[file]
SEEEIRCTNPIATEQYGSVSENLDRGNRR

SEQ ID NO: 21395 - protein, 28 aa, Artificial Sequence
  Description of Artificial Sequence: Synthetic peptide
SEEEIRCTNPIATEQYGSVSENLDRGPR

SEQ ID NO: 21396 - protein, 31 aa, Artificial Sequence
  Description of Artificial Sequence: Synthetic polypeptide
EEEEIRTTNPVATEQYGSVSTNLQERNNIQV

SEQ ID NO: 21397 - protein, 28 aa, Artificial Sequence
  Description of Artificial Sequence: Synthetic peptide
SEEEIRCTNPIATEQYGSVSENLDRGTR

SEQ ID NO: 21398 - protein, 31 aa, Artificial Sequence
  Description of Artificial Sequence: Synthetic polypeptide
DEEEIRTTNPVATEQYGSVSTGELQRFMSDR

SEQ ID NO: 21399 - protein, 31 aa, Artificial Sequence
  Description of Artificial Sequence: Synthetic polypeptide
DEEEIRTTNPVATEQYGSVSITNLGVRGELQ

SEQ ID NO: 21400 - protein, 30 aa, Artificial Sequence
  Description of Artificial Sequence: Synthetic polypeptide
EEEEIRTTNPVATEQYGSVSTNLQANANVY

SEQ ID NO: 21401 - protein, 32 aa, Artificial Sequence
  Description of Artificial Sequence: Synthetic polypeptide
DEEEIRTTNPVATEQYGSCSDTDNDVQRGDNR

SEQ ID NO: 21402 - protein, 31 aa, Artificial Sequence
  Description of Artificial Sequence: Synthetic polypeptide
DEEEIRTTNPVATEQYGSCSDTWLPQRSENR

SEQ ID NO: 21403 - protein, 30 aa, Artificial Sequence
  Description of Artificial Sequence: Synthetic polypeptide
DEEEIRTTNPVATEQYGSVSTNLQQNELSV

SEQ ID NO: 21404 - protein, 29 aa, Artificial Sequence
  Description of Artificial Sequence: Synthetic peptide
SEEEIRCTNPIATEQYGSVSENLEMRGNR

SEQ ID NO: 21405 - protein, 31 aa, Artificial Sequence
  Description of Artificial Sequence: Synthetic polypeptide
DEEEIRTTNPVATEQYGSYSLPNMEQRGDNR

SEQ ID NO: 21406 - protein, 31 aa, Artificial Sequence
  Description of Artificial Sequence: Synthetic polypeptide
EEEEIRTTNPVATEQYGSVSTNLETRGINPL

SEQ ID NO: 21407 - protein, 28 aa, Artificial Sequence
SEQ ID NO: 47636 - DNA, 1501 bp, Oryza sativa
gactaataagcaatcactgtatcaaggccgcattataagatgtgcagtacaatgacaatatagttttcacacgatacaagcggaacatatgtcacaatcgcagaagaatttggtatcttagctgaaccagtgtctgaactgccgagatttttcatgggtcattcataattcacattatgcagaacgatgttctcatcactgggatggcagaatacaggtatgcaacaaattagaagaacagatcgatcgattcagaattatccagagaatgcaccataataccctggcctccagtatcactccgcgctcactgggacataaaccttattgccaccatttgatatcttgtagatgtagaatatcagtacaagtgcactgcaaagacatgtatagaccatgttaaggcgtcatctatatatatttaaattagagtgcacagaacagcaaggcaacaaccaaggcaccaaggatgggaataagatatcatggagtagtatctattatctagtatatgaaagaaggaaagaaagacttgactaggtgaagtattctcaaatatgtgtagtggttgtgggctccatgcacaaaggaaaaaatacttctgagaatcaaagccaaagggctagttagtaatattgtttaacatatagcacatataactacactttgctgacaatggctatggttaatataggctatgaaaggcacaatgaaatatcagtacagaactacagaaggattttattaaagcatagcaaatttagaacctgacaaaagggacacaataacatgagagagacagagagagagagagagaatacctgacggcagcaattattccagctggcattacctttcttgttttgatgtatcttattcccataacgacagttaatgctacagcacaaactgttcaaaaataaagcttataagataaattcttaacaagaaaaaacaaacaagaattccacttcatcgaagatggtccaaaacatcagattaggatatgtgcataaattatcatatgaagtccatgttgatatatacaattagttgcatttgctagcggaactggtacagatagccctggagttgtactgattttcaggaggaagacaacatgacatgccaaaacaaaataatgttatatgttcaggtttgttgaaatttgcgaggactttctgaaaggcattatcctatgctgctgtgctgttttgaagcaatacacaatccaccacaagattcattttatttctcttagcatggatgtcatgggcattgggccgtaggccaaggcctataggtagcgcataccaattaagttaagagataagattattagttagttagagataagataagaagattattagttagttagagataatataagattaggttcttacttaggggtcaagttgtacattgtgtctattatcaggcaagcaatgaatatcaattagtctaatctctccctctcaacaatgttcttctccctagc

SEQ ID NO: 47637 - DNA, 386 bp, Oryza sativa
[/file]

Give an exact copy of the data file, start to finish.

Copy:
SEEEIRCTNPIATEQYGSVSENLDRGNRR

SEQ ID NO: 21395 - protein, 28 aa, Artificial Sequence
  Description of Artificial Sequence: Synthetic peptide
SEEEIRCTNPIATEQYGSVSENLDRGPR

SEQ ID NO: 21396 - protein, 31 aa, Artificial Sequence
  Description of Artificial Sequence: Synthetic polypeptide
EEEEIRTTNPVATEQYGSVSTNLQERNNIQV

SEQ ID NO: 21397 - protein, 28 aa, Artificial Sequence
  Description of Artificial Sequence: Synthetic peptide
SEEEIRCTNPIATEQYGSVSENLDRGTR

SEQ ID NO: 21398 - protein, 31 aa, Artificial Sequence
  Description of Artificial Sequence: Synthetic polypeptide
DEEEIRTTNPVATEQYGSVSTGELQRFMSDR

SEQ ID NO: 21399 - protein, 31 aa, Artificial Sequence
  Description of Artificial Sequence: Synthetic polypeptide
DEEEIRTTNPVATEQYGSVSITNLGVRGELQ

SEQ ID NO: 21400 - protein, 30 aa, Artificial Sequence
  Description of Artificial Sequence: Synthetic polypeptide
EEEEIRTTNPVATEQYGSVSTNLQANANVY

SEQ ID NO: 21401 - protein, 32 aa, Artificial Sequence
  Description of Artificial Sequence: Synthetic polypeptide
DEEEIRTTNPVATEQYGSCSDTDNDVQRGDNR

SEQ ID NO: 21402 - protein, 31 aa, Artificial Sequence
  Description of Artificial Sequence: Synthetic polypeptide
DEEEIRTTNPVATEQYGSCSDTWLPQRSENR

SEQ ID NO: 21403 - protein, 30 aa, Artificial Sequence
  Description of Artificial Sequence: Synthetic polypeptide
DEEEIRTTNPVATEQYGSVSTNLQQNELSV

SEQ ID NO: 21404 - protein, 29 aa, Artificial Sequence
  Description of Artificial Sequence: Synthetic peptide
SEEEIRCTNPIATEQYGSVSENLEMRGNR

SEQ ID NO: 21405 - protein, 31 aa, Artificial Sequence
  Description of Artificial Sequence: Synthetic polypeptide
DEEEIRTTNPVATEQYGSYSLPNMEQRGDNR

SEQ ID NO: 21406 - protein, 31 aa, Artificial Sequence
  Description of Artificial Sequence: Synthetic polypeptide
EEEEIRTTNPVATEQYGSVSTNLETRGINPL

SEQ ID NO: 21407 - protein, 28 aa, Artificial Sequence
SEQ ID NO: 47636 - DNA, 1501 bp, Oryza sativa
gactaataagcaatcactgtatcaaggccgcattataagatgtgcagtacaatgacaatatagttttcacacgatacaagcggaacatatgtcacaatcgcagaagaatttggtatcttagctgaaccagtgtctgaactgccgagatttttcatgggtcattcataattcacattatgcagaacgatgttctcatcactgggatggcagaatacaggtatgcaacaaattagaagaacagatcgatcgattcagaattatccagagaatgcaccataataccctggcctccagtatcactccgcgctcactgggacataaaccttattgccaccatttgatatcttgtagatgtagaatatcagtacaagtgcactgcaaagacatgtatagaccatgttaaggcgtcatctatatatatttaaattagagtgcacagaacagcaaggcaacaaccaaggcaccaaggatgggaataagatatcatggagtagtatctattatctagtatatgaaagaaggaaagaaagacttgactaggtgaagtattctcaaatatgtgtagtggttgtgggctccatgcacaaaggaaaaaatacttctgagaatcaaagccaaagggctagttagtaatattgtttaacatatagcacatataactacactttgctgacaatggctatggttaatataggctatgaaaggcacaatgaaatatcagtacagaactacagaaggattttattaaagcatagcaaatttagaacctgacaaaagggacacaataacatgagagagacagagagagagagagagaatacctgacggcagcaattattccagctggcattacctttcttgttttgatgtatcttattcccataacgacagttaatgctacagcacaaactgttcaaaaataaagcttataagataaattcttaacaagaaaaaacaaacaagaattccacttcatcgaagatggtccaaaacatcagattaggatatgtgcataaattatcatatgaagtccatgttgatatatacaattagttgcatttgctagcggaactggtacagatagccctggagttgtactgattttcaggaggaagacaacatgacatgccaaaacaaaataatgttatatgttcaggtttgttgaaatttgcgaggactttctgaaaggcattatcctatgctgctgtgctgttttgaagcaatacacaatccaccacaagattcattttatttctcttagcatggatgtcatgggcattgggccgtaggccaaggcctataggtagcgcataccaattaagttaagagataagattattagttagttagagataagataagaagattattagttagttagagataatataagattaggttcttacttaggggtcaagttgtacattgtgtctattatcaggcaagcaatgaatatcaattagtctaatctctccctctcaacaatgttcttctccctagc

SEQ ID NO: 47637 - DNA, 386 bp, Oryza sativa